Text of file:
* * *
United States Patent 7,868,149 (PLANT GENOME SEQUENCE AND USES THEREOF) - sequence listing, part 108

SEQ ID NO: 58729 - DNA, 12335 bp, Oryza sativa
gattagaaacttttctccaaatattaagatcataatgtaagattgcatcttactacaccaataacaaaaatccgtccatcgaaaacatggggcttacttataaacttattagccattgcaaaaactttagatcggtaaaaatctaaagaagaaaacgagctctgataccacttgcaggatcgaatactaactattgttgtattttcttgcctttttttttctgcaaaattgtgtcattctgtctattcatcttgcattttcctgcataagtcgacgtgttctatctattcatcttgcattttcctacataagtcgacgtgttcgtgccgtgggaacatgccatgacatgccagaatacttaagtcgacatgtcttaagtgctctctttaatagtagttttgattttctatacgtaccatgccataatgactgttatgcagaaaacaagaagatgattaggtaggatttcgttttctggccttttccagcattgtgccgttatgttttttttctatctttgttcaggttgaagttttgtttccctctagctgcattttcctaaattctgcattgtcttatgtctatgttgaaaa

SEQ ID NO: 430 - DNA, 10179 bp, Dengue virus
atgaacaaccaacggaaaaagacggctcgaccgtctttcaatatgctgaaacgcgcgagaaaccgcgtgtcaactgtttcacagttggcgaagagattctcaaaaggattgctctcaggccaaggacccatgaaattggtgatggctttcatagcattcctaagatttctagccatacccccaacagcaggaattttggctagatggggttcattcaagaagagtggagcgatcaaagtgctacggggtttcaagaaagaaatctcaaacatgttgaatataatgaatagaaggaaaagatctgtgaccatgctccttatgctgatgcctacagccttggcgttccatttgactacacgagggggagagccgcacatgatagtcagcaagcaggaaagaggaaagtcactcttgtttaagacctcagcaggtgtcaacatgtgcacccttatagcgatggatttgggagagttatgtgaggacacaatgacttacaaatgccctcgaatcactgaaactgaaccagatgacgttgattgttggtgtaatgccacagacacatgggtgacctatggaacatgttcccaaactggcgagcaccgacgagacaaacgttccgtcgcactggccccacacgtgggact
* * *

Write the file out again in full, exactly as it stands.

United States Patent 7,868,149 (PLANT GENOME SEQUENCE AND USES THEREOF) - sequence listing, part 108

SEQ ID NO: 58729 - DNA, 12335 bp, Oryza sativa
gattagaaacttttctccaaatattaagatcataatgtaagattgcatcttactacaccaataacaaaaatccgtccatcgaaaacatggggcttacttataaacttattagccattgcaaaaactttagatcggtaaaaatctaaagaagaaaacgagctctgataccacttgcaggatcgaatactaactattgttgtattttcttgcctttttttttctgcaaaattgtgtcattctgtctattcatcttgcattttcctgcataagtcgacgtgttctatctattcatcttgcattttcctacataagtcgacgtgttcgtgccgtgggaacatgccatgacatgccagaatacttaagtcgacatgtcttaagtgctctctttaatagtagttttgattttctatacgtaccatgccataatgactgttatgcagaaaacaagaagatgattaggtaggatttcgttttctggccttttccagcattgtgccgttatgttttttttctatctttgttcaggttgaagttttgtttccctctagctgcattttcctaaattctgcattgtcttatgtctatgttgaaaa

SEQ ID NO: 430 - DNA, 10179 bp, Dengue virus
atgaacaaccaacggaaaaagacggctcgaccgtctttcaatatgctgaaacgcgcgagaaaccgcgtgtcaactgtttcacagttggcgaagagattctcaaaaggattgctctcaggccaaggacccatgaaattggtgatggctttcatagcattcctaagatttctagccatacccccaacagcaggaattttggctagatggggttcattcaagaagagtggagcgatcaaagtgctacggggtttcaagaaagaaatctcaaacatgttgaatataatgaatagaaggaaaagatctgtgaccatgctccttatgctgatgcctacagccttggcgttccatttgactacacgagggggagagccgcacatgatagtcagcaagcaggaaagaggaaagtcactcttgtttaagacctcagcaggtgtcaacatgtgcacccttatagcgatggatttgggagagttatgtgaggacacaatgacttacaaatgccctcgaatcactgaaactgaaccagatgacgttgattgttggtgtaatgccacagacacatgggtgacctatggaacatgttcccaaactggcgagcaccgacgagacaaacgttccgtcgcactggccccacacgtgggact